There shouldn’t be any confusing language prohibiting someone from connecting with your brand. The easier you make the experience, the more likely your potential subscribers will be receptive and sign up.

Don’t put all of your eggs in one basket

The most common mistake with growing newsletter subscriptions is including only one signup form in one location on your website. People face numerous distractions and/or are multitasking when surfing the web, so it is never enough to only provide one way to perform an important task (i.e. sign up). All forms should function similarly, but exist in unique spaces across your site. Let’s examine the three common forms of signup forms: Pop-ups, Footers, and In-lines.

Pop-up

Email Newsletter Signup Website Popup Example

Pop-ups are well-known for being the most effective (and the most annoying) techniques for signups. To avoid pop-up pitfalls, the key is timing. Time your pop-ups to appear 10-15 seconds after your user has engaged with the site. That way, the user has had a chance to look around the site and develop some level of interest. (For a more comprehensive understanding on pop-ups in action, check out ‘Web Animation: Delightful or Distracting’ by our web developer, Leah Suter). Once you have disrupted a user from their engagement, it’s best to make a memorable impression. In other words, make it pretty.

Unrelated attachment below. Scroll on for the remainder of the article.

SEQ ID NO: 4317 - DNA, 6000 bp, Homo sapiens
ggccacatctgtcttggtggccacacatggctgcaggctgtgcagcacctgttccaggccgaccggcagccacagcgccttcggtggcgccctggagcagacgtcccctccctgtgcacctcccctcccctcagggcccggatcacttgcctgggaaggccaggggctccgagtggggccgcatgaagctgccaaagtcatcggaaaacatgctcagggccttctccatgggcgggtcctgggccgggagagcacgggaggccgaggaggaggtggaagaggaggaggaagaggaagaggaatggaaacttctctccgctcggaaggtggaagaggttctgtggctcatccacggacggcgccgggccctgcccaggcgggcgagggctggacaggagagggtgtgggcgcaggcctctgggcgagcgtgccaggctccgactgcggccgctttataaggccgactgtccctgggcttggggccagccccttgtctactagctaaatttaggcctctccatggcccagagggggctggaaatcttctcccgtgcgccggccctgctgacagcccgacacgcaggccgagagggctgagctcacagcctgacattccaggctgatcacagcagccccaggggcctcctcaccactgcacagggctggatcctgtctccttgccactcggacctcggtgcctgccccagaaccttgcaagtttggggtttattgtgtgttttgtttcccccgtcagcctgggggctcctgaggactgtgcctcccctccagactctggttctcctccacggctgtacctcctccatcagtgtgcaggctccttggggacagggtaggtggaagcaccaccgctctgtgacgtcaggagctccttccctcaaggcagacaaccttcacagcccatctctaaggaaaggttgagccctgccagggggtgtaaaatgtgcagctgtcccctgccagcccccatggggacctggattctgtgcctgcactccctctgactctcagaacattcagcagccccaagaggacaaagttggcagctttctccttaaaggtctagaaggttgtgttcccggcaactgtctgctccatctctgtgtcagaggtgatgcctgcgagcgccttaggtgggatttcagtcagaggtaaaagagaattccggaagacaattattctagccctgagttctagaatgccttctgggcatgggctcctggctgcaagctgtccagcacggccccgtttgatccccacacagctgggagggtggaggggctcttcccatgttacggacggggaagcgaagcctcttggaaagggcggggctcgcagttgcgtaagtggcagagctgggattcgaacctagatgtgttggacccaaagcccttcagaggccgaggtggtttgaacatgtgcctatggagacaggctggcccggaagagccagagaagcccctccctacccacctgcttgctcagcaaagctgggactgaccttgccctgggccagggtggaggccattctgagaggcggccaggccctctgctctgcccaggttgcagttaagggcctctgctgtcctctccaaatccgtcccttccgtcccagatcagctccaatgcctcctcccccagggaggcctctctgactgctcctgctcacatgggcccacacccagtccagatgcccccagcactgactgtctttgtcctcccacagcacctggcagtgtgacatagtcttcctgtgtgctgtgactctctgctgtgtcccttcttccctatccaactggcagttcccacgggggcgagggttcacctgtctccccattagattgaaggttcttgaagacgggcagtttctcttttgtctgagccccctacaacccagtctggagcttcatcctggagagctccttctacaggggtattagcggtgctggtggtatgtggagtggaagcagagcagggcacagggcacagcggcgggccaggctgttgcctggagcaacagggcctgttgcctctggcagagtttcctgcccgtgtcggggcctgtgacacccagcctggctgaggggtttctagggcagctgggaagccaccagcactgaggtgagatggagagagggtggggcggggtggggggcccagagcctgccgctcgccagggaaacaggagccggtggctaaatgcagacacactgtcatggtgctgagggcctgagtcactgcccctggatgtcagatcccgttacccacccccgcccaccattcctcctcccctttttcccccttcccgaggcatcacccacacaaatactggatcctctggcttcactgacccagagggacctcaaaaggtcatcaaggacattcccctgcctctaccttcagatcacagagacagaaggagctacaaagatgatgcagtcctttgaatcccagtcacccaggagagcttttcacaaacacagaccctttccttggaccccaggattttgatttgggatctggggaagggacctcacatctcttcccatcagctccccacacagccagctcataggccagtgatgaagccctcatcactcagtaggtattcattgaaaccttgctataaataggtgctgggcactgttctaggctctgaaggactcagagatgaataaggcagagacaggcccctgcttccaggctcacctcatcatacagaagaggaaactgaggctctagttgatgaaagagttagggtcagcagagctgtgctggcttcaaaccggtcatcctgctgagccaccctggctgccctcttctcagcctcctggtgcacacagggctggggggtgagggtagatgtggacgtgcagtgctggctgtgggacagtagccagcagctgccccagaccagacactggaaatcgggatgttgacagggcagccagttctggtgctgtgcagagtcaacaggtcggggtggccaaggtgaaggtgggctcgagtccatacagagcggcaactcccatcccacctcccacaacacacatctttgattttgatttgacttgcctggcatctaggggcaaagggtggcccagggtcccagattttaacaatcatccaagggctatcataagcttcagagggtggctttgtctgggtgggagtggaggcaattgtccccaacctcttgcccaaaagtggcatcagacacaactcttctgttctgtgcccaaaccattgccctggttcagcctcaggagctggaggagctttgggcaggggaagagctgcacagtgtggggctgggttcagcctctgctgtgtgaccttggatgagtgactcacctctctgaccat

Pop-ups should include:

  • A clear way to navigate out of the pop-up
  • High-impact visuals that engage the user to stay on the pop-up
  • Background overlay that differentiates the pop-up from the normal page
  • Clear white space that makes signing up feel effortless

Don’t be afraid to use pop-ups. They have a bad reputation, but pop-ups have been proven effective because they’re the easiest way to remind a user to get more involved with the content they already love.

 

Footer

Email Newsletter Signup Website Footer Example

Footers are the default choice for signups. You have two options. The first is a simple form that blends into the footer with small pops of color. (Nothing too flashy — it needs to look good on every page). The other option is to editorialize the footer to your brand’s messaging. Think of it as a place to tell people why they should care about what you are up to as an organization. Pair the unit with marketing and impact stats that will resonate with your target demographic.

A Footer Signup should:

  • Clearly be differentiated from the other content in the footer
  • Use one bright color for buttons/type to stand out

In-line

Email Newsletter Signup Website In-line Example